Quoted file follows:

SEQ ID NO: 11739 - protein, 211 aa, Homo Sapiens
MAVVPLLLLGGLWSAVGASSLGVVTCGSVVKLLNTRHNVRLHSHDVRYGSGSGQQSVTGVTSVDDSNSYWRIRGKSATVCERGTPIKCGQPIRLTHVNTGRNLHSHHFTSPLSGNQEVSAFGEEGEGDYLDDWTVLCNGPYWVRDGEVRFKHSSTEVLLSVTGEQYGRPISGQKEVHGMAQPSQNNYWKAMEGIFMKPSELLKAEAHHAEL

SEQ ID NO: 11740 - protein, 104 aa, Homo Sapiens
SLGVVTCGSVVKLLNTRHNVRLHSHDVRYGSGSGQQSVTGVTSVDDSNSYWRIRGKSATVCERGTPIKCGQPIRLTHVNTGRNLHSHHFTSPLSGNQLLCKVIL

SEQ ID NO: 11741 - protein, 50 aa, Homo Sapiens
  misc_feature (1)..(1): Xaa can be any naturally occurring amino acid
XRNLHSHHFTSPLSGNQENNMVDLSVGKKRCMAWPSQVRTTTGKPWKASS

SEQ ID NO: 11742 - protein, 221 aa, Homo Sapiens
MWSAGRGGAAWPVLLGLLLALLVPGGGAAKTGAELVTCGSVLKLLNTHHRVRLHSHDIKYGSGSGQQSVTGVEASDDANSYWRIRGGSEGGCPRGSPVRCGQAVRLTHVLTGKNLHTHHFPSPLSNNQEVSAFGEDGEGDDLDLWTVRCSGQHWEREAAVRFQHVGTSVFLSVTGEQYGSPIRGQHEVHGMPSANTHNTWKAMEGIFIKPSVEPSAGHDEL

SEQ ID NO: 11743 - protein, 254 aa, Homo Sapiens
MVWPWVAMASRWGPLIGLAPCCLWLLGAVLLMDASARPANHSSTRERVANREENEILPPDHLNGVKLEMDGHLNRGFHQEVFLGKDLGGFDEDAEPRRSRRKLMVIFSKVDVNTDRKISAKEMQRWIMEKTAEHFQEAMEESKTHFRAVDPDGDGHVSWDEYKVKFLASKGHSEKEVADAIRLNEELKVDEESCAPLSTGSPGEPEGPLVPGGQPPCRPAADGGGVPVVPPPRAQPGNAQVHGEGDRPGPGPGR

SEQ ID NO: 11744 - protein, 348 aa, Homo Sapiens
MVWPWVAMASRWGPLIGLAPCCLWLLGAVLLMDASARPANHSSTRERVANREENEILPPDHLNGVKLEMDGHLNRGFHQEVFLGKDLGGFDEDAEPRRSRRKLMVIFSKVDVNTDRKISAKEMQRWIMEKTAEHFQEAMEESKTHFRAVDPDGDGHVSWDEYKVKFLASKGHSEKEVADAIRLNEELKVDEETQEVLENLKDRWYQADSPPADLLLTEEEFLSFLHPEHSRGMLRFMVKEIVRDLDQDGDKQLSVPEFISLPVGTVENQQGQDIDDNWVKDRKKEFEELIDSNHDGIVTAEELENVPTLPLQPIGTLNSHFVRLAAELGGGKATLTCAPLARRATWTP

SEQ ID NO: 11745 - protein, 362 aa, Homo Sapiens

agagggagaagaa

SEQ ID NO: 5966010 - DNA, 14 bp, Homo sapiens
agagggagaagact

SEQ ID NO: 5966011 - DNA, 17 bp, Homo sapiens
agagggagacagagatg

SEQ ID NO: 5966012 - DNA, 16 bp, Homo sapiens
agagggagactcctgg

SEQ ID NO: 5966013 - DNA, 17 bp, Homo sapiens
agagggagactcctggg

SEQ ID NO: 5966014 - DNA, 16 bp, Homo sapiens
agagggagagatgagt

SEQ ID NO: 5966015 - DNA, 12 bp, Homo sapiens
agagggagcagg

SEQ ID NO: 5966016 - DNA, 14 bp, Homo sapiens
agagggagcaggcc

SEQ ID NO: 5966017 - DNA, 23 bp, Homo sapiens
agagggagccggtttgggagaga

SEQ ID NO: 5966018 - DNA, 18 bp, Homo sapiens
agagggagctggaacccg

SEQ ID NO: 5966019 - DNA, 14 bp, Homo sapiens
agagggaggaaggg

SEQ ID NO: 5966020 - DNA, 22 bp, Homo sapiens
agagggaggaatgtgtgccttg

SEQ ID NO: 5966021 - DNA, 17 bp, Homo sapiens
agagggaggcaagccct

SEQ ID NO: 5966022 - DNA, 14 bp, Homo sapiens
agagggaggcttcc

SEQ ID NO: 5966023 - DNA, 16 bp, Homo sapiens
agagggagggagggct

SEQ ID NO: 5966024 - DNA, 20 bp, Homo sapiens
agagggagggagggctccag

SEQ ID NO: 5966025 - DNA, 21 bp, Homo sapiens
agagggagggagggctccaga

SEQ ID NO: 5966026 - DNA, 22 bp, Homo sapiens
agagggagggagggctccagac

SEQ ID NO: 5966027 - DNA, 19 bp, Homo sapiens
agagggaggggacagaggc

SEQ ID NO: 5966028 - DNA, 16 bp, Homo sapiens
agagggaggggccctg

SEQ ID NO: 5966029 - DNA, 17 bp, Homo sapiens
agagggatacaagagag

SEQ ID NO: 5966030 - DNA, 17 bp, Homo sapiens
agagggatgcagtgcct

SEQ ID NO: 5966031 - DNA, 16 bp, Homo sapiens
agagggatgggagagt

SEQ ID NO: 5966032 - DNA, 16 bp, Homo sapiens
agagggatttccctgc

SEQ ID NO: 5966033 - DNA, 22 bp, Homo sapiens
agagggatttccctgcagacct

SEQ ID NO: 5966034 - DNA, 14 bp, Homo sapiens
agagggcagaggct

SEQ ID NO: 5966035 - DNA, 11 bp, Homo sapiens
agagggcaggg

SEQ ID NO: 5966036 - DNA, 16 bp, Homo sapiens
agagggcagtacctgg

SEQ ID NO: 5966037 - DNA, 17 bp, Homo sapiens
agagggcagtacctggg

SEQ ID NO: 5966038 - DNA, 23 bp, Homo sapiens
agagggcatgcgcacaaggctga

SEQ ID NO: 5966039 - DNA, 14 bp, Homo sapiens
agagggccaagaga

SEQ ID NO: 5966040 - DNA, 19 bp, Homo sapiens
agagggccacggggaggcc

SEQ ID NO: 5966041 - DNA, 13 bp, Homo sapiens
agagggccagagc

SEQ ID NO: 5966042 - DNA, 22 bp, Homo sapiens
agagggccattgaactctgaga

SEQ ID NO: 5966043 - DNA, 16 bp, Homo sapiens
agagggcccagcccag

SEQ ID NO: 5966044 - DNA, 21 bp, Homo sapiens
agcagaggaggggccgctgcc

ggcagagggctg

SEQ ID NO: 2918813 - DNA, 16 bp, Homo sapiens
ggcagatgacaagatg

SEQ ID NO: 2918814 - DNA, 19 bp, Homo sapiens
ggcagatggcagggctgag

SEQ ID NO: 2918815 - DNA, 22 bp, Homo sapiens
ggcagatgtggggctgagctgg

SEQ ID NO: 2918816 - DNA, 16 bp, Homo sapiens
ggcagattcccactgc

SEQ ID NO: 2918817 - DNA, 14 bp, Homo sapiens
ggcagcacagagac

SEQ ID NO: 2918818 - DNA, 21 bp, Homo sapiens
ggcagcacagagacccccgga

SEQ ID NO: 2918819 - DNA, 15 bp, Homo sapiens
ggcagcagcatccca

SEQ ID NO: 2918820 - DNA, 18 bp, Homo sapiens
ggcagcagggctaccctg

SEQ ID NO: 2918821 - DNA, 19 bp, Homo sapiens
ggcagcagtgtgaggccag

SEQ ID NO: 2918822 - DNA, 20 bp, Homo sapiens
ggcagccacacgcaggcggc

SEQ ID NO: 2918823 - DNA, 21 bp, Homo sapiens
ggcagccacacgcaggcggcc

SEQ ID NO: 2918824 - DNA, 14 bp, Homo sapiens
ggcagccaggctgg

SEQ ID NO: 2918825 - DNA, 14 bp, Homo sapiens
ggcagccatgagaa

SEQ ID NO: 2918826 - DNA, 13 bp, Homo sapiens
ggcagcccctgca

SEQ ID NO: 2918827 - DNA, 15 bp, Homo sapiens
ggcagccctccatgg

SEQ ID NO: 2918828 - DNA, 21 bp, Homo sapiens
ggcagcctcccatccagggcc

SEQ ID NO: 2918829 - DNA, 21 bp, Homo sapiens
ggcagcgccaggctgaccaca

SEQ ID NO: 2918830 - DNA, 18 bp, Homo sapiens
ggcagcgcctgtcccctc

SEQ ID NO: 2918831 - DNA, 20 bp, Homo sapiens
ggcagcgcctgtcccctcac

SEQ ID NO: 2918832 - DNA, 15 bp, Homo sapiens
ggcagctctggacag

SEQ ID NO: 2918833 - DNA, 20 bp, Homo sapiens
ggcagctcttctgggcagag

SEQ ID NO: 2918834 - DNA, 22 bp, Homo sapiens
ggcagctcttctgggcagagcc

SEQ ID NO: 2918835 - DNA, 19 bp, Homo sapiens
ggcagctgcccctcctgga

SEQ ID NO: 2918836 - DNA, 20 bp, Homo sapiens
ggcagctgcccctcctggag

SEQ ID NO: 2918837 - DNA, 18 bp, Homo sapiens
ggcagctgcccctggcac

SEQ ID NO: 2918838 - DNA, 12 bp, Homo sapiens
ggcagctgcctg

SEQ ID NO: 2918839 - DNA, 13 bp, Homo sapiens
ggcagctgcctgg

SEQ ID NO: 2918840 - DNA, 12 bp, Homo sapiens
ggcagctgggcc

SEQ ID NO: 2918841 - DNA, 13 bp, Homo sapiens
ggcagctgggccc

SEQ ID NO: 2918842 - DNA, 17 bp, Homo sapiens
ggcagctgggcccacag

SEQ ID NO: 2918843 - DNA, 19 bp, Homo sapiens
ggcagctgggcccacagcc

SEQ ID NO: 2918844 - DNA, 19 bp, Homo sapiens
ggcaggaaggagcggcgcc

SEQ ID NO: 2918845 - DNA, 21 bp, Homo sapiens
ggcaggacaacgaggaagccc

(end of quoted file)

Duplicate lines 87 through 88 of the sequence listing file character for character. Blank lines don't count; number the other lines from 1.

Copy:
SEQ ID NO: 2918813 - DNA, 16 bp, Homo sapiens
ggcagatgacaagatg